Archive for the 'Church Calendar' Category

Easter Sunday, 2016

March 27, 2016

I got me flowers to straw thy way;
I got me boughs off many a tree:
But thou wast up by break of day,
And brought’st thy sweets along with thee.

The Sunne arising in the East,
Though he give light, & th’ East perfume;
If they should offer to contest
With thy arising, they presume.

Can there be any day but this,
Though many sunnes to shine endeavour?
We count three hundred, but we misse:
There is but one, and that one ever.

– George Herbert (1633)

Happy Easter!

Merry Christmas!

December 24, 2015

Master of Salzburg, c.1400

Wishing you and yours a very happy
and blessed Christmas season.

*

 

♪ ♫ Have yourself a very little Schoenberg ♬

December 23, 2015

Doing my best to avoid “dangerous and disgusting habits”, I am sticking with Advent music for another few days. Here is a nice discovery: “Lo, How a Rose E’er Blooming” arranged by, of all people, Arnold Schoenberg.

(Hat-tip: Ivan Hewett)

Rise up, my love, my fair one

December 21, 2015

A beautiful setting, by Healey Willan, of the first reading for today:

Campion: Ten Reasons

December 1, 2015

campion-rationesTen Reasons
Proposed to his Adversaries for Disputation in the Name of the Faith and Presented to the Illustrious Members of our Universities
St Edmund Campion, S.J.
[1581]

Campion’s Decem Rationes was written covertly and published illegally in 1581. Campion himself had become, by that time, a notorious (or celebrated, depending on one’s allegiances) figure. He was the most well-known of the Jesuit priests who had slipped into England, under threat of death, to minister to England’s beleaguered Catholic minority. He travelled quietly around the country, often under an assumed name and in disguise, and was something of a thorn in the side of the authorities.

Ten Reasons was given a memorable launch: copies were painstakingly printed and assembled using a mobile press, and, once ready, were taken to Oxford University and slipped into the seats of a hall in which an academic meeting was scheduled. When the attendees arrived and it was discovered, it caused a tremendous stir.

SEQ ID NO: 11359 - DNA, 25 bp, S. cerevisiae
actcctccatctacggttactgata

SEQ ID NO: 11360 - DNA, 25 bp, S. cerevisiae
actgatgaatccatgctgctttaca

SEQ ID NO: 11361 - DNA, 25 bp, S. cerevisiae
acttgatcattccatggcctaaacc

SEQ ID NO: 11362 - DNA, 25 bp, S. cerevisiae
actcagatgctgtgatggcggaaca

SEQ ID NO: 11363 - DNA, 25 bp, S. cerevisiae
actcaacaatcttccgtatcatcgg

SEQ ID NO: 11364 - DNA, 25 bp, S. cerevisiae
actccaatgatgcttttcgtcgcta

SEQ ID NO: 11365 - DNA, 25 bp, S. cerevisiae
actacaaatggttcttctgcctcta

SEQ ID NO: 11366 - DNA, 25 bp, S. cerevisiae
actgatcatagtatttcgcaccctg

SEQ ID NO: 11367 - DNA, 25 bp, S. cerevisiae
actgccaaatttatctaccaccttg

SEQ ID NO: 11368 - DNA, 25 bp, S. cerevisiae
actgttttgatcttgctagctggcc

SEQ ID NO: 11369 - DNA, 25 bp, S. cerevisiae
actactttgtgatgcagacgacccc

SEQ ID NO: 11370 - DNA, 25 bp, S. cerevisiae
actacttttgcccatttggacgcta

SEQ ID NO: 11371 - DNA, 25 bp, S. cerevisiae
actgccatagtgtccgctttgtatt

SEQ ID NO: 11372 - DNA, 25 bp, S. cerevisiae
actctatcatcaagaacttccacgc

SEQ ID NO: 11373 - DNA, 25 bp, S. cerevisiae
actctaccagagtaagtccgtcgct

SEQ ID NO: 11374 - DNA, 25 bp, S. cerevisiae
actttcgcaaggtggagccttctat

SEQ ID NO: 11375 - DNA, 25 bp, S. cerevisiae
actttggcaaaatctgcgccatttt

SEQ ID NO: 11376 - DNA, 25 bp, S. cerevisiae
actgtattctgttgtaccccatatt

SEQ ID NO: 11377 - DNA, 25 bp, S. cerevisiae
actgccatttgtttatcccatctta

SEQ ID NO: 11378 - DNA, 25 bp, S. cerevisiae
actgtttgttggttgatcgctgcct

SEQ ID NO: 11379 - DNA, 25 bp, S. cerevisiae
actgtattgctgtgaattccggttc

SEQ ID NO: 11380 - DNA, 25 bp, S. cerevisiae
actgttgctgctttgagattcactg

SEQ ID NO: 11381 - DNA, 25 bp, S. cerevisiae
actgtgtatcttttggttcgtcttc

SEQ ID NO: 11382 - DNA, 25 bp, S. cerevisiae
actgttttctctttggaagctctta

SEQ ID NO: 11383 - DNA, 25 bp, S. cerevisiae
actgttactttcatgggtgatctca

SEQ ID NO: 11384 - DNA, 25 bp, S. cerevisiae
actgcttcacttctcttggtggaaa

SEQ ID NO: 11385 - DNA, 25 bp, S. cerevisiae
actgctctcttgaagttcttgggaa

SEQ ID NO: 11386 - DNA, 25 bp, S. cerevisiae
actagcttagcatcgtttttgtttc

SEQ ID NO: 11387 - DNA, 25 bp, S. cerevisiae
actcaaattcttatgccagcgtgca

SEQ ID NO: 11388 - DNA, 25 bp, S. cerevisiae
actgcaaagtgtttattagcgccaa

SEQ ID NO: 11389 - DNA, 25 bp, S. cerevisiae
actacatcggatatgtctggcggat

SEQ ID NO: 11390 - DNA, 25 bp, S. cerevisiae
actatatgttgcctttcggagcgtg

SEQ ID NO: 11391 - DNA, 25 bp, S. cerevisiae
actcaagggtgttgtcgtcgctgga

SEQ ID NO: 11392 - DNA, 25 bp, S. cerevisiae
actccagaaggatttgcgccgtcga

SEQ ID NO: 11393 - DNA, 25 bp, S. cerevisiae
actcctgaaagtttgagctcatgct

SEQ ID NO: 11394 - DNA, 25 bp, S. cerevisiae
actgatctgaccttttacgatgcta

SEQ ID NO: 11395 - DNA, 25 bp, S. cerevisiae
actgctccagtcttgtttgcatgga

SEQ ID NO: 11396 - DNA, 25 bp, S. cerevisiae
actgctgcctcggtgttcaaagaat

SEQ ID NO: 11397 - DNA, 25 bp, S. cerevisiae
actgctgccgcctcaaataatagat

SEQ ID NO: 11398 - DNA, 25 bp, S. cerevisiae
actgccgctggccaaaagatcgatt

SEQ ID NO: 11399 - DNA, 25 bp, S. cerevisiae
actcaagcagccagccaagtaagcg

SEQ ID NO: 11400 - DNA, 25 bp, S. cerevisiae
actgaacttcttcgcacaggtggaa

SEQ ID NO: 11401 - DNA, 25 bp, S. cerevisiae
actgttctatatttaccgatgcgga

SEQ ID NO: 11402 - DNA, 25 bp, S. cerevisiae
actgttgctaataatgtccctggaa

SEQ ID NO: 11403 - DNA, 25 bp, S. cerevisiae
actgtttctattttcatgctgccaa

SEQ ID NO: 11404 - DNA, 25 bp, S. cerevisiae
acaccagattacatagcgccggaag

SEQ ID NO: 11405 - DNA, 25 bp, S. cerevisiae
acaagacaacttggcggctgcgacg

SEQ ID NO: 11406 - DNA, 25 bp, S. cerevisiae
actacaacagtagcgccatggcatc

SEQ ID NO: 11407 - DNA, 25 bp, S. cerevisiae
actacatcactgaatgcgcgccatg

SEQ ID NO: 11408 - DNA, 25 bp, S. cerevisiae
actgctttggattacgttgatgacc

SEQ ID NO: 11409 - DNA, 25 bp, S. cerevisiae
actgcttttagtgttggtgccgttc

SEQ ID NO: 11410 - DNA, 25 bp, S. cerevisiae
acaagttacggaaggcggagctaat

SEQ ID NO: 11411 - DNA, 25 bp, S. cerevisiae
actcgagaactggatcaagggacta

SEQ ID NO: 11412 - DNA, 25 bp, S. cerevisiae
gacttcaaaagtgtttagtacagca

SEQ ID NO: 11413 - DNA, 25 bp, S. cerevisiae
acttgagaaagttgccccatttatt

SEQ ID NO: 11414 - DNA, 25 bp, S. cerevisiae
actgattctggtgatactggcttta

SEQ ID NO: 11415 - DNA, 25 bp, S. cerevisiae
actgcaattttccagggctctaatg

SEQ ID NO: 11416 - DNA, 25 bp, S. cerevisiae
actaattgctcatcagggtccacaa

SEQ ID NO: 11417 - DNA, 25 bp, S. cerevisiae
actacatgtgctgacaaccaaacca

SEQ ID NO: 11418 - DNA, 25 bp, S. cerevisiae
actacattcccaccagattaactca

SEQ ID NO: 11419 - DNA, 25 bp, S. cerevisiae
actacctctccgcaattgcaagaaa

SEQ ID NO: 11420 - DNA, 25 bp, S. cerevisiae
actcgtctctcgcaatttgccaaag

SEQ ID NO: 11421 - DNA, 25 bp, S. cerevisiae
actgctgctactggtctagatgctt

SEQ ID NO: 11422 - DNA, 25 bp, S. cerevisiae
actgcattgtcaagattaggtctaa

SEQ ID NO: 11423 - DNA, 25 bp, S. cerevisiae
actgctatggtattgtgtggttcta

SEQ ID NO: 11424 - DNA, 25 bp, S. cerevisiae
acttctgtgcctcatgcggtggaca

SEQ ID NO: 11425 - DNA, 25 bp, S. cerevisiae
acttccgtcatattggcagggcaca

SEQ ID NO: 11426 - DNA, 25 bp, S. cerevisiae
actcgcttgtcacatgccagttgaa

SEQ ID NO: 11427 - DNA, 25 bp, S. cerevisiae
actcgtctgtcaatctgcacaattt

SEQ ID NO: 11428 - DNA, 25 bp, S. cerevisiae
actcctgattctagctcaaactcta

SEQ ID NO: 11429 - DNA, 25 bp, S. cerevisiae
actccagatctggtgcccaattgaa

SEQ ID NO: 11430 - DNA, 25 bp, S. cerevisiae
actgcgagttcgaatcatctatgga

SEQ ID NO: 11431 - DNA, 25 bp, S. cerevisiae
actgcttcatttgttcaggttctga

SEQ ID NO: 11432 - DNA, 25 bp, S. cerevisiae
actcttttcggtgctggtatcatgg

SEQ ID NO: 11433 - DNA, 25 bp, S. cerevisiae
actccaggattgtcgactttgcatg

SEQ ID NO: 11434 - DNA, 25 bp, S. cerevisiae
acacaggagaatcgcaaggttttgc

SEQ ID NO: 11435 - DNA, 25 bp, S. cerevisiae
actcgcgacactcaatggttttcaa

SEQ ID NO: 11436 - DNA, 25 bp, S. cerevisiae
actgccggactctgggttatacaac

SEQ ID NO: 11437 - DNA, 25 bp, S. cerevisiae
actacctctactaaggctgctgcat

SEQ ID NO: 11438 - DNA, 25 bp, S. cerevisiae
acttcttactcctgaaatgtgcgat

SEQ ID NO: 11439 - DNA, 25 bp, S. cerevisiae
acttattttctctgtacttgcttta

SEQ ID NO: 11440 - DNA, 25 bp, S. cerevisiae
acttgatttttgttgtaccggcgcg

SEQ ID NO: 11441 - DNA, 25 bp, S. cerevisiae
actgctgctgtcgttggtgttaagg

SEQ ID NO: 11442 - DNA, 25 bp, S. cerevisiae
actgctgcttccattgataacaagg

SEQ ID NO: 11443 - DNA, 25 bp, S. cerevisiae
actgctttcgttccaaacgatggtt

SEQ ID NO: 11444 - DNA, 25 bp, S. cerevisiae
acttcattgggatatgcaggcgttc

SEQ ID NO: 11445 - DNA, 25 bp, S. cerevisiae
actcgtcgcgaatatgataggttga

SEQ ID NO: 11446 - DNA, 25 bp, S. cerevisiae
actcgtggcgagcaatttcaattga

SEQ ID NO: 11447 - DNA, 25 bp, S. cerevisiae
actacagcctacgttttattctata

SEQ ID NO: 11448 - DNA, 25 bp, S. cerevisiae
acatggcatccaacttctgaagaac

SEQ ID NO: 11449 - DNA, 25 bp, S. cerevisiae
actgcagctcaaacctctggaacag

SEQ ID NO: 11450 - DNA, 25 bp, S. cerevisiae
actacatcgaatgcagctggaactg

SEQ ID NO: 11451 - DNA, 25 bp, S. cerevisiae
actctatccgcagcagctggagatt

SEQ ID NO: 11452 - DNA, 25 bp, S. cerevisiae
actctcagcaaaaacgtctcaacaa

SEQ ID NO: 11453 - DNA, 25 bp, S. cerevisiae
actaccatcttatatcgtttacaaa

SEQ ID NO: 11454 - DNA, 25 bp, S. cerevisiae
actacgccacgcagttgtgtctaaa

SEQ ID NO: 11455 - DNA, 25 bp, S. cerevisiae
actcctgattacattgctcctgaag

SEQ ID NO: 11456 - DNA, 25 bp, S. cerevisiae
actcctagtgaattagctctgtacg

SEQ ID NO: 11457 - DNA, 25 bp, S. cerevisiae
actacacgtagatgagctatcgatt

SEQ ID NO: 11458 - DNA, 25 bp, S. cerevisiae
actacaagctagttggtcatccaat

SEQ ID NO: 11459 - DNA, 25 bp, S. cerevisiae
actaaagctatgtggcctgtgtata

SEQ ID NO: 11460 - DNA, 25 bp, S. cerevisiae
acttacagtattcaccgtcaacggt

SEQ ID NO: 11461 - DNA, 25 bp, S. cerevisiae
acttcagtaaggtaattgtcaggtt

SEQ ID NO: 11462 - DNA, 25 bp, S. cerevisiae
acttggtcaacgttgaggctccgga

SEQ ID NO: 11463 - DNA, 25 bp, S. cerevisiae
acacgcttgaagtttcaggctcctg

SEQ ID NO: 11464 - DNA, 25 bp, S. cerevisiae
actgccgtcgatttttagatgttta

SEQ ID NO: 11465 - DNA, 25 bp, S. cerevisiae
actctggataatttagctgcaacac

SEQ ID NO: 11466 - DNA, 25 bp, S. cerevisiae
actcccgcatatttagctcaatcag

Campion’s purpose was to set forth arguments — ten of them, naturally — against Protestantism. Since his arrival in England some years before, he had been challenging the Anglican churchmen and academics to debate, but thus far none had accepted. The publication of Ten Reasons was his way of forcing the issue.

The ten reasons are gathered under headings: Holy Writ, the Sense of Holy Writ, the Nature of the Church, Councils, Church Fathers, the Grounds of Argument assumed by the Church Fathers, History, Paradoxes, Sophism, and, finally, All Manner of Witness. Because he wrote at a time when Protestantism was new, he had a particularly keen sense of how it was undoing the integrity of the faith, and several of his arguments are probing. His manner is, by turns, jocular, satirical, passionate, and exasperated; the book is a very entertaining read. He was writing to those whose declared intention was to capture and kill him, and he was not inclined to be docile.

I won’t rehearse the arguments themselves here; the book is brief enough that an interested reader could get through it without too much trouble. Basically they boil down to the claim that Protestantism, by rejecting some but not all of its Catholic inheritance, finds itself in a very confused state indeed.

One month after Ten Reasons was published, Campion was captured. He was held in the Tower of London for several months, tortured on the rack, and finally hanged, drawn, and quartered, alongside Fr. Ralph Sherwin and Fr. Alexander Briant, on 1 December 1581.

Sing, but keep going

November 28, 2015

A favourite passage from today’s Office of Readings, which comes from a sermon of St. Augustine (and which I have posted before):

O the happiness of the heavenly alleluia, sung in security, in fear of no adversity! We shall have no enemies in heaven, we shall never lose a friend. God’s praises are sung both there and here, but here they are sung in anxiety, there in security; here they are sung by those destined to die, there, by those destined to live forever; here they are sung in hope, there, in hope’s fulfillment; here they are sung by wayfarers, there, by those living in their own country.

So, then, my brothers, let us sing now, not in order to enjoy a life of leisure, but in order to lighten our labors. You should sing as wayfarers do — sing, but continue your journey. Do not be lazy, but sing to make your journey more enjoyable. Sing, but keep going. What do I mean by keep going? Keep on making progress. This progress must be in virtue; for there are some, the Apostle warns, whose only progress is in vice. If you make progress, you will be continuing your journey, but be sure that your progress is in virtue, true faith, and right living. Sing then — but keep going.

Tomorrow marks the start of a new year. Sing, but keep going. I wish you a good Advent.

Easter Sunday, 2015

April 4, 2015

I got me flowers to straw thy way;
I got me boughs off many a tree:
But thou wast up by break of day,
And brought’st thy sweets along with thee.